Geographic isolation has long been viewed as a critical step in the process of speciation and the generation of biodiversity (Mayr 1963; Barraclough and Vogler 2000; Coyne and Orr 2004). Within many moss species, however, mounting evidence from floristics (van Zanten 1978; Miller and McDaniel 2004; Hutsemekers et al. 2008), molecular population genetics (Shaw et al. 2003; Van der Velde and Bijlsma 2003; McDaniel and Shaw 2005; Vanderpoorten and Long 2006; Heinrichs et al. 2007; Huttunen et al. 2008; Szovenyi et al. 2008), and phylogenetics (Shaw et al. 2005a) indicates that geographic barriers may not cause a long-term impediment to migration. This observation suggests that genetic, demographic, or ecological factors, in addition to geographic isolation, cause the cessation of gene flow between nascent species. The nature of these biological factors, however, is largely unknown. The moss Physcomitrella patens and its relatives have long been model systems for studies of hybrid interfertility (von Wettstein 1924; Bryan 1957). P. patens is now emerging as a model plant for comparative genomics, and studies including P. patens have provided insights into the evolution of land plant gene function and genome structure (Nishiyama et al. 2003; Lang et al. 2005; Rensing et al. 2005; Stenoien 2005; Richardt et al. 2007; Rensing et al. 2008; reviewed in Quatrano et al. 2007). As a consequence, P. patens also holds promise as a model for understanding the process of speciation (von Stackelberg et al. 2006; Kamisugi et al. 2008).
Phylogenetic studies have shown that the monotypic genus Physcomitrella is closely related to the genus Physcomitrium, based on analyses of DNA sequences from the chloroplast (Goffinet and Cox 2000; Goffinet et al. 2007; Werner et al. 2007). The two genera are most easily distinguished by the morphology of the diploid sporophyte; the Physcomitrella sporophyte is nestled among the gametophyte leaves, rather than elevated on a seta like in Physcomitrium and most other mosses, and lacks the specialized abscission layer around the opening of the sporangium. Both genera are cosmopolitan in distribution, but Physcomitrium is more diverse than Physcomitrella, with a total of seven species found in Europe and temperate North America (Crum and Anderson 1981; Hill et al. 2006). Populations containing species of both genera are frequent in some habitats, and hybrids are widely reported (Britton 1895; Andrews 1918; Loeske 1929; Andrews 1942; Pettet 1964; Tan 1978). Therefore, the evolutionary relationships within the Physcomitrella–Physcomitrium complex may not be captured by a single gene or organelle, because ongoing hybridization may cause different parts of the genome to have different histories.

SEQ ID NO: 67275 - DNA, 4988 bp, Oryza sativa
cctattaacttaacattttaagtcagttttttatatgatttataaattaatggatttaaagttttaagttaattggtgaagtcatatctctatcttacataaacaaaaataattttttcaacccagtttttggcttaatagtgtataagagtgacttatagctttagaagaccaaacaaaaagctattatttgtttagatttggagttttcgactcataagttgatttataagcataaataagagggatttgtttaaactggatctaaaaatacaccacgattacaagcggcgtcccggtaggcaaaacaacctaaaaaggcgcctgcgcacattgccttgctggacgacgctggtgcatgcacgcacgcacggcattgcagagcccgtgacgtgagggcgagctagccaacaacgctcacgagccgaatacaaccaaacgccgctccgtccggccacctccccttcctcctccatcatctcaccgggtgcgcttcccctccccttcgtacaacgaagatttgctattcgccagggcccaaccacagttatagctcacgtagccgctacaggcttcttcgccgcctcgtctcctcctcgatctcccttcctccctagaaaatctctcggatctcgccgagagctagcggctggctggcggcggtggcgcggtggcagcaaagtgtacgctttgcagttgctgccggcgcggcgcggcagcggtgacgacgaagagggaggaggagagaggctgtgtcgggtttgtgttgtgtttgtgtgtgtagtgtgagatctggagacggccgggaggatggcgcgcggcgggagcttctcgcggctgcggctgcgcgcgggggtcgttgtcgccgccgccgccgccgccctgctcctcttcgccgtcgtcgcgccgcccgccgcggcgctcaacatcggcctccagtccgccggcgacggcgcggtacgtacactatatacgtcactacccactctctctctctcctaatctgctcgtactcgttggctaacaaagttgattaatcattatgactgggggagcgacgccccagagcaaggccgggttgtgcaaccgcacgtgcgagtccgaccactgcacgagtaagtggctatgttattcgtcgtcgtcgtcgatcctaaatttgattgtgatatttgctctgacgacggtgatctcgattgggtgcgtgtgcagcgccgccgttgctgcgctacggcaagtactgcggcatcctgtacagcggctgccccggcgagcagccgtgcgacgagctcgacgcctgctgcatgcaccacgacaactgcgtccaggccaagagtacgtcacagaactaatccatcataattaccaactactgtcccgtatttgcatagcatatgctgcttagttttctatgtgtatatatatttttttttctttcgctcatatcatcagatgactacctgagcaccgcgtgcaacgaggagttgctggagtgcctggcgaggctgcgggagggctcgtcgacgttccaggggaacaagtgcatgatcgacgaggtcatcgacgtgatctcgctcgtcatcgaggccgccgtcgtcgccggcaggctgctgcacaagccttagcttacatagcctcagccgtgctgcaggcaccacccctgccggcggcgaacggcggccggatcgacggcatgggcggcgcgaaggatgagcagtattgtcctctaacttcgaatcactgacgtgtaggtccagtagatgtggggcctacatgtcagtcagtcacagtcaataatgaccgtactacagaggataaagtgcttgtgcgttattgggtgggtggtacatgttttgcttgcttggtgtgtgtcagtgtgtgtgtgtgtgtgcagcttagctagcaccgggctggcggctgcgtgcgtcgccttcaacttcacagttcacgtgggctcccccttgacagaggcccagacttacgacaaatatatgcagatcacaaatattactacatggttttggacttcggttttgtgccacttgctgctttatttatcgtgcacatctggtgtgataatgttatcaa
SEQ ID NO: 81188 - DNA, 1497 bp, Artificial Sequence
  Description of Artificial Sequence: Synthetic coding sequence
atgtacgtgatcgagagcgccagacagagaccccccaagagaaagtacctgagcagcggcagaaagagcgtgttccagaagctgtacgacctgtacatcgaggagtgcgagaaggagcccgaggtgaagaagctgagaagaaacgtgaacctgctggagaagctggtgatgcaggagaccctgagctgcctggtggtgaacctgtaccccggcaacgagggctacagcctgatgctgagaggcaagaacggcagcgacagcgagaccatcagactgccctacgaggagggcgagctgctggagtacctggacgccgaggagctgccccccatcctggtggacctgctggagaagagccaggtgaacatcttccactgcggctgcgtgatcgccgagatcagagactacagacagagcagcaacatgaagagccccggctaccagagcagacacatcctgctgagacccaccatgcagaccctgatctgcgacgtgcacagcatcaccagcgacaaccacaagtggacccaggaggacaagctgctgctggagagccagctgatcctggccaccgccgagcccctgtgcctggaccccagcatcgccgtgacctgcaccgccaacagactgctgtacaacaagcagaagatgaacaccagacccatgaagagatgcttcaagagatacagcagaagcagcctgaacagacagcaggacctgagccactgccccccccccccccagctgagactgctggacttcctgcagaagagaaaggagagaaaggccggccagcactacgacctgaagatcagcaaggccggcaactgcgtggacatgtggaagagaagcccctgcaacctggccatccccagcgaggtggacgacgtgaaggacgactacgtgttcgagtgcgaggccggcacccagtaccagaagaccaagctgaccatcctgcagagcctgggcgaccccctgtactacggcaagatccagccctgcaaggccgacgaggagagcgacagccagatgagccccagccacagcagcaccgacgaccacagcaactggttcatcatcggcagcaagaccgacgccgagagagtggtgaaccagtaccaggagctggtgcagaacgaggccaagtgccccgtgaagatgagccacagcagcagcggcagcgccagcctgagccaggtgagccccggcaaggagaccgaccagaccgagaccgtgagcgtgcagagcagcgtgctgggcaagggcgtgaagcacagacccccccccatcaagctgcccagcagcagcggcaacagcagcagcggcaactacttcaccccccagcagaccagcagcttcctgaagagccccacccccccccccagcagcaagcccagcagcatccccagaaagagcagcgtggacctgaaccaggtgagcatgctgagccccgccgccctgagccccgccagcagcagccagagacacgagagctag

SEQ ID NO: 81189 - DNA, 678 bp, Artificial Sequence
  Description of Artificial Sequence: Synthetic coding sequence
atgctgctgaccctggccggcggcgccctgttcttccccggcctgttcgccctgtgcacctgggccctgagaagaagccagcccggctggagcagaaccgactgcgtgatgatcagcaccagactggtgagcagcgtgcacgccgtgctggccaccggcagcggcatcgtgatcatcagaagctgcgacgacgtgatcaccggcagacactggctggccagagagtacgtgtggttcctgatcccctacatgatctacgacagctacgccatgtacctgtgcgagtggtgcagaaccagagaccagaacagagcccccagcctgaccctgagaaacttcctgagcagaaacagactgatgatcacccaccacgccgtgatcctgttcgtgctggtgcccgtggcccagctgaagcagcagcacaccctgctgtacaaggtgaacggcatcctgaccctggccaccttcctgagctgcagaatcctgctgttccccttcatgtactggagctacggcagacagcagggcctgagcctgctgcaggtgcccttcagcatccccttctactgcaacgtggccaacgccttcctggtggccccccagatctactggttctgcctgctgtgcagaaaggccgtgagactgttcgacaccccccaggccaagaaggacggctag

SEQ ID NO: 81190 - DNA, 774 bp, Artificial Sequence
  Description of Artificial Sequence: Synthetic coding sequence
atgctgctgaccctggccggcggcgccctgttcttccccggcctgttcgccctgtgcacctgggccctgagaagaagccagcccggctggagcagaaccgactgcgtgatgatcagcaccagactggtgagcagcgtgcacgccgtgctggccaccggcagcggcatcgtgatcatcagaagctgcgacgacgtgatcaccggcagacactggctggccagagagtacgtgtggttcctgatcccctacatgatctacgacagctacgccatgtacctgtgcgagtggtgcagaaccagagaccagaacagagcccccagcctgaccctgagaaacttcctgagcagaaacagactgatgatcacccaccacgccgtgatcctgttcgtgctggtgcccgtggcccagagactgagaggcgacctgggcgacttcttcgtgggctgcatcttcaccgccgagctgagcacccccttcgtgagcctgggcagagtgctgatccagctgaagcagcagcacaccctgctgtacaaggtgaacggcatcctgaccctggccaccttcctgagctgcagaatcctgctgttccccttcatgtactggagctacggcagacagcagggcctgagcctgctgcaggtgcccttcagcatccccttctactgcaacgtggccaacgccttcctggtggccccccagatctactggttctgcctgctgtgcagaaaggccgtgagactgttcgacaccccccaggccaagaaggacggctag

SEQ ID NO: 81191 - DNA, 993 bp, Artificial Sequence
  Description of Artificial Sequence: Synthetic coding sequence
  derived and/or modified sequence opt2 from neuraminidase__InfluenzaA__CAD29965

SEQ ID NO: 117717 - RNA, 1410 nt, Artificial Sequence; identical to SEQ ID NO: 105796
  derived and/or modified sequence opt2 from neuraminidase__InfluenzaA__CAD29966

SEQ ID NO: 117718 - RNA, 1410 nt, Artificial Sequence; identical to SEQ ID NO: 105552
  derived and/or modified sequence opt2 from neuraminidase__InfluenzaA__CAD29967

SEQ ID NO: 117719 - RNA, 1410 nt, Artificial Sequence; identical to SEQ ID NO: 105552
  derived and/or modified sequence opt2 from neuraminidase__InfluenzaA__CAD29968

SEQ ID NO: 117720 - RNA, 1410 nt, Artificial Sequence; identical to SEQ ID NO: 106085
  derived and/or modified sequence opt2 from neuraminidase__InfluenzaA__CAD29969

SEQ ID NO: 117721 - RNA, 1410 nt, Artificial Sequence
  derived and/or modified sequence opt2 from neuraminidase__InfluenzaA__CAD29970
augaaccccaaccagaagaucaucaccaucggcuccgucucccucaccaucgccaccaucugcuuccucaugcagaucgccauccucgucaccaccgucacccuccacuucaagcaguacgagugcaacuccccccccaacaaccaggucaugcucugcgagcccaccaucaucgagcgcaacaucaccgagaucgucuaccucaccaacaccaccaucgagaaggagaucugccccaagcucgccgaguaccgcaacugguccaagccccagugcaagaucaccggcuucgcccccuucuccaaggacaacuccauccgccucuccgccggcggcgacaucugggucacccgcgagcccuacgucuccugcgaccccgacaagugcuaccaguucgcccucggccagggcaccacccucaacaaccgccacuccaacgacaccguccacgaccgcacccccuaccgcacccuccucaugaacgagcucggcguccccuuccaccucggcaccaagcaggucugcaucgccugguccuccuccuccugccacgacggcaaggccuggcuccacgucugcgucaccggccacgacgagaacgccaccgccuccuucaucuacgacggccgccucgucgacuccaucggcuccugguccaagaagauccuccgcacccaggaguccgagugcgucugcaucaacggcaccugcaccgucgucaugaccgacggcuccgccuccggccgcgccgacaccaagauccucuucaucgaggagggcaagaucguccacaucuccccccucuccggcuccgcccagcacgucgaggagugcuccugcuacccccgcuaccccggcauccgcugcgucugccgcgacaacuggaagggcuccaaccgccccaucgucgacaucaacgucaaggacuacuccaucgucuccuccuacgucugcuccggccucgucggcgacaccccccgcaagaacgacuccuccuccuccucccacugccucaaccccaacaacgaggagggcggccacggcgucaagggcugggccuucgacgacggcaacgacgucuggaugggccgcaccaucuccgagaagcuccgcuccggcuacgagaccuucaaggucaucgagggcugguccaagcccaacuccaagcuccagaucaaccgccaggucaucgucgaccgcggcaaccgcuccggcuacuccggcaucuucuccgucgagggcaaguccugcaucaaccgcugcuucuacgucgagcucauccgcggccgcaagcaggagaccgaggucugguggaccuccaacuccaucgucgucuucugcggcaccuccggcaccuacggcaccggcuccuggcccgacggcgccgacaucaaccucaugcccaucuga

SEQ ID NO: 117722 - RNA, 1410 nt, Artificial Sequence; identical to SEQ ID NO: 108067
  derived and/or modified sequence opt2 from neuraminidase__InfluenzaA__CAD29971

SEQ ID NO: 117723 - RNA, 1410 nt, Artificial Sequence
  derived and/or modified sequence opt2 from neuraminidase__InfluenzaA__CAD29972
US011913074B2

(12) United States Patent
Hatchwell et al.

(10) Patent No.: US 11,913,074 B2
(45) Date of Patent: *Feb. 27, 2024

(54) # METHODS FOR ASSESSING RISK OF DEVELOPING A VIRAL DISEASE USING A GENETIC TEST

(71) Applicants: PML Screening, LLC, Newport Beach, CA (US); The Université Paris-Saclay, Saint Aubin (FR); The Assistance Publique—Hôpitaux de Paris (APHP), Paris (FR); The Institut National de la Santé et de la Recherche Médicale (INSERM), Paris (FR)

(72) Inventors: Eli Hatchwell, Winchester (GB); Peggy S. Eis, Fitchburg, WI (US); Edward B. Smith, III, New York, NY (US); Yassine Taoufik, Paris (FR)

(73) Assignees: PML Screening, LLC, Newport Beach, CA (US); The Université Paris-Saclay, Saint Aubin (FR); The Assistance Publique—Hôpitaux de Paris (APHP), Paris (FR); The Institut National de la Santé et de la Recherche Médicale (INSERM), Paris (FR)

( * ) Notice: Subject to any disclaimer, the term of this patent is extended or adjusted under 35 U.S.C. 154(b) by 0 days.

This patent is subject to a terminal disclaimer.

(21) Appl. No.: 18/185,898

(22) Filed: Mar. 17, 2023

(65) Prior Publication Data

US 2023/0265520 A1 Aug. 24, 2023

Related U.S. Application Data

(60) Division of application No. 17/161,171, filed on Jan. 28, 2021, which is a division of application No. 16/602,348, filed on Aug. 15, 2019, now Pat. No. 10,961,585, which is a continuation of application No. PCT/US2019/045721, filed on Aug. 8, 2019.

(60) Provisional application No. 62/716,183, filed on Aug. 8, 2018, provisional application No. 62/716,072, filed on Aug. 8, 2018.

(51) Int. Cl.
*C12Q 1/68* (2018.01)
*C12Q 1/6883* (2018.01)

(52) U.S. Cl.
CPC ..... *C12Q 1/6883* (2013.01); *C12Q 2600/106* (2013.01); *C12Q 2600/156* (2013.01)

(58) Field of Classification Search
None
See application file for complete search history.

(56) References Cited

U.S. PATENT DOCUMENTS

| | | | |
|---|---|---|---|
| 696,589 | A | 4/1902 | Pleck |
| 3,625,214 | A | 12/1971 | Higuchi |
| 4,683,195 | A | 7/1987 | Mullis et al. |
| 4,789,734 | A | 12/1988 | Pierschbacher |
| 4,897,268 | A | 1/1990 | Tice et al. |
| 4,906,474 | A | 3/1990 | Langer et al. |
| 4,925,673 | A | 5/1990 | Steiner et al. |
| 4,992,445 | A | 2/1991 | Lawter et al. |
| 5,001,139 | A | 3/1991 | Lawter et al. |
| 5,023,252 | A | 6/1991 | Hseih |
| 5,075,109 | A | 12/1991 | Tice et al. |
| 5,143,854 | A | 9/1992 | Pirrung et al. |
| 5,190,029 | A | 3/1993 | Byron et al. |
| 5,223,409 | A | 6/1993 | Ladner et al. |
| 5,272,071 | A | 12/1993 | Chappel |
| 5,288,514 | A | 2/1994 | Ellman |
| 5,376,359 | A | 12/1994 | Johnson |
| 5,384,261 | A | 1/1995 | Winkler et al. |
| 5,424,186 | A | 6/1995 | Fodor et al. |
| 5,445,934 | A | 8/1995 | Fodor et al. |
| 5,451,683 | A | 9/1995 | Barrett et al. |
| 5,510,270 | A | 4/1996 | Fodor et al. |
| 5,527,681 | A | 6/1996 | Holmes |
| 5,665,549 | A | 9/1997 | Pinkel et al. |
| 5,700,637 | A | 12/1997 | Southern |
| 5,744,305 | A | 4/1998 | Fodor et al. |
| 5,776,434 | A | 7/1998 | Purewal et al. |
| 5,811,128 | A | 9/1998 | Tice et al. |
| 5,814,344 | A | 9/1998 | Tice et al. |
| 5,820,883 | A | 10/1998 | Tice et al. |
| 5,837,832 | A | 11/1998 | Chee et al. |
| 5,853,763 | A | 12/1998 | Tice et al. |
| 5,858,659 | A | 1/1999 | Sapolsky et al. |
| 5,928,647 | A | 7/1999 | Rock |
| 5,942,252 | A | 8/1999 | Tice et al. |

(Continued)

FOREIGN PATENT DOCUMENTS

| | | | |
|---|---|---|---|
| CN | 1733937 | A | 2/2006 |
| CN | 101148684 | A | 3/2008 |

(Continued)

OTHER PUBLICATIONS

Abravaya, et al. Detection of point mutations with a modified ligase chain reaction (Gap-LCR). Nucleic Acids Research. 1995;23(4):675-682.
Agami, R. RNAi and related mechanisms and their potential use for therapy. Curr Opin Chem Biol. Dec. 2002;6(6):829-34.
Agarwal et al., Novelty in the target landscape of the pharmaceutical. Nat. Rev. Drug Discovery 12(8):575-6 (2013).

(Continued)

In spite of the evidence for hybridization, the species of Physcomitrella and Physcomitrium are phenotypically distinct, even in sympatric sites (e.g., Crum and Anderson 1981), suggesting that the evolutionary effects of hybridization may be limited. In a landmark series of experiments, von Wettstein (1924, 1928, 1932) and colleagues (Schmidt 1931; Bauer and Brosig 1959) generated artificial crosses among members of the Funariaceae, including P. patens and three European species of Physcomitrium (the cosmopolitan P. pyriforme, and the endemics P. sphaericum and P. eurystomum). In general, the recombinant haploid progeny (i.e., spores that develop into gametophytes) of most intergeneric hybrids were inviable or developmentally abnormal, making it unlikely that natural recombinants would contribute to subsequent generations (reviewed in Bryan 1957). However, occasionally a few recombinants were viable and vigorous, suggesting that the fortuitous segregation of species-difference loci (either karyotypic differences or epistatically interacting factors) may allow for the production of fertile progeny. Von Wettstein (1932) reported that the frequency of such vigorous recombinants was greatest in crosses in which P. patens was the maternal parent, although this frequency also depended upon the paternal species. These data have engendered a considerable amount of speculation regarding the role of introgressive hybridization in the evolution of the Funariaceae, but neither additional crossing studies nor molecular population genetics analyses of hybridization have been undertaken in the Physcomitrella–Physcomitrium complex.